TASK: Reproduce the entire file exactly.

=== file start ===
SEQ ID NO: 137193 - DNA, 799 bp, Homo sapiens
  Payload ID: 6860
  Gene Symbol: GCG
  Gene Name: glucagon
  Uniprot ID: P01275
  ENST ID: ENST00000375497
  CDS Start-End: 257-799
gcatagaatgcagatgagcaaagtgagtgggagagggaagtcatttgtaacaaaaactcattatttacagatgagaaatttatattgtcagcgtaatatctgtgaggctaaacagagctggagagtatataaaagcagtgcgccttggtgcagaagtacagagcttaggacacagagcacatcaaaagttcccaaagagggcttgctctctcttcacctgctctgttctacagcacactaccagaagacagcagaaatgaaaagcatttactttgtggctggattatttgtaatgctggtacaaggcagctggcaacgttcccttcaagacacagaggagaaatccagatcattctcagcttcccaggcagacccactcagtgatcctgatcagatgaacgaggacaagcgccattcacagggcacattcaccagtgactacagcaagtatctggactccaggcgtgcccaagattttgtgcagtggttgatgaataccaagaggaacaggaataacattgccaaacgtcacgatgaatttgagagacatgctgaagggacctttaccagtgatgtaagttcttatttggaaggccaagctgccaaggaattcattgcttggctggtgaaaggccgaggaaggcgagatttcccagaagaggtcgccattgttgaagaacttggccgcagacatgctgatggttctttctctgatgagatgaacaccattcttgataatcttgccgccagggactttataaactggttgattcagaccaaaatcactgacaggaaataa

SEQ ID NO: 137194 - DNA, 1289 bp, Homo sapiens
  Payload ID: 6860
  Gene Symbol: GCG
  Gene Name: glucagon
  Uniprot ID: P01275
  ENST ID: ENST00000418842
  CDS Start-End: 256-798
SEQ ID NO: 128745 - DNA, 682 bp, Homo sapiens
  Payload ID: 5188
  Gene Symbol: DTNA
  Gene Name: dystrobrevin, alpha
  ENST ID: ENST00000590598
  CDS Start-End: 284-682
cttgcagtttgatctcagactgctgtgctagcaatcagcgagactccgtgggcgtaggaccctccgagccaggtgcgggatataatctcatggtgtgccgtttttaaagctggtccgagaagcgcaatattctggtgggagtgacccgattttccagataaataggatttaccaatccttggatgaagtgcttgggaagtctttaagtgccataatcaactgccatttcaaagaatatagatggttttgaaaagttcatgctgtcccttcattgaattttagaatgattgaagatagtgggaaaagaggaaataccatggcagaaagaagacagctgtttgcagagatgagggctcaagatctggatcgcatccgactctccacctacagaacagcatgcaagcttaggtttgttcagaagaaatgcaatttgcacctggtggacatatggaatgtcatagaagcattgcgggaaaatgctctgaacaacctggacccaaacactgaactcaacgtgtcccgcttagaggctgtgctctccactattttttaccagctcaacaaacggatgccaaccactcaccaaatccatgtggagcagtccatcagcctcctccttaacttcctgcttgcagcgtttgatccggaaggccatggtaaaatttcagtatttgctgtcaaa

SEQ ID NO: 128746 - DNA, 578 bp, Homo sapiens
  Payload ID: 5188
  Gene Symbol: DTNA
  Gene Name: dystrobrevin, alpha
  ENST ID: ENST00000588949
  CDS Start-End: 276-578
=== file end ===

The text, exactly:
SEQ ID NO: 137193 - DNA, 799 bp, Homo sapiens
  Payload ID: 6860
  Gene Symbol: GCG
  Gene Name: glucagon
  Uniprot ID: P01275
  ENST ID: ENST00000375497
  CDS Start-End: 257-799
gcatagaatgcagatgagcaaagtgagtgggagagggaagtcatttgtaacaaaaactcattatttacagatgagaaatttatattgtcagcgtaatatctgtgaggctaaacagagctggagagtatataaaagcagtgcgccttggtgcagaagtacagagcttaggacacagagcacatcaaaagttcccaaagagggcttgctctctcttcacctgctctgttctacagcacactaccagaagacagcagaaatgaaaagcatttactttgtggctggattatttgtaatgctggtacaaggcagctggcaacgttcccttcaagacacagaggagaaatccagatcattctcagcttcccaggcagacccactcagtgatcctgatcagatgaacgaggacaagcgccattcacagggcacattcaccagtgactacagcaagtatctggactccaggcgtgcccaagattttgtgcagtggttgatgaataccaagaggaacaggaataacattgccaaacgtcacgatgaatttgagagacatgctgaagggacctttaccagtgatgtaagttcttatttggaaggccaagctgccaaggaattcattgcttggctggtgaaaggccgaggaaggcgagatttcccagaagaggtcgccattgttgaagaacttggccgcagacatgctgatggttctttctctgatgagatgaacaccattcttgataatcttgccgccagggactttataaactggttgattcagaccaaaatcactgacaggaaataa

SEQ ID NO: 137194 - DNA, 1289 bp, Homo sapiens
  Payload ID: 6860
  Gene Symbol: GCG
  Gene Name: glucagon
  Uniprot ID: P01275
  ENST ID: ENST00000418842
  CDS Start-End: 256-798
SEQ ID NO: 128745 - DNA, 682 bp, Homo sapiens
  Payload ID: 5188
  Gene Symbol: DTNA
  Gene Name: dystrobrevin, alpha
  ENST ID: ENST00000590598
  CDS Start-End: 284-682
cttgcagtttgatctcagactgctgtgctagcaatcagcgagactccgtgggcgtaggaccctccgagccaggtgcgggatataatctcatggtgtgccgtttttaaagctggtccgagaagcgcaatattctggtgggagtgacccgattttccagataaataggatttaccaatccttggatgaagtgcttgggaagtctttaagtgccataatcaactgccatttcaaagaatatagatggttttgaaaagttcatgctgtcccttcattgaattttagaatgattgaagatagtgggaaaagaggaaataccatggcagaaagaagacagctgtttgcagagatgagggctcaagatctggatcgcatccgactctccacctacagaacagcatgcaagcttaggtttgttcagaagaaatgcaatttgcacctggtggacatatggaatgtcatagaagcattgcgggaaaatgctctgaacaacctggacccaaacactgaactcaacgtgtcccgcttagaggctgtgctctccactattttttaccagctcaacaaacggatgccaaccactcaccaaatccatgtggagcagtccatcagcctcctccttaacttcctgcttgcagcgtttgatccggaaggccatggtaaaatttcagtatttgctgtcaaa

SEQ ID NO: 128746 - DNA, 578 bp, Homo sapiens
  Payload ID: 5188
  Gene Symbol: DTNA
  Gene Name: dystrobrevin, alpha
  ENST ID: ENST00000588949
  CDS Start-End: 276-578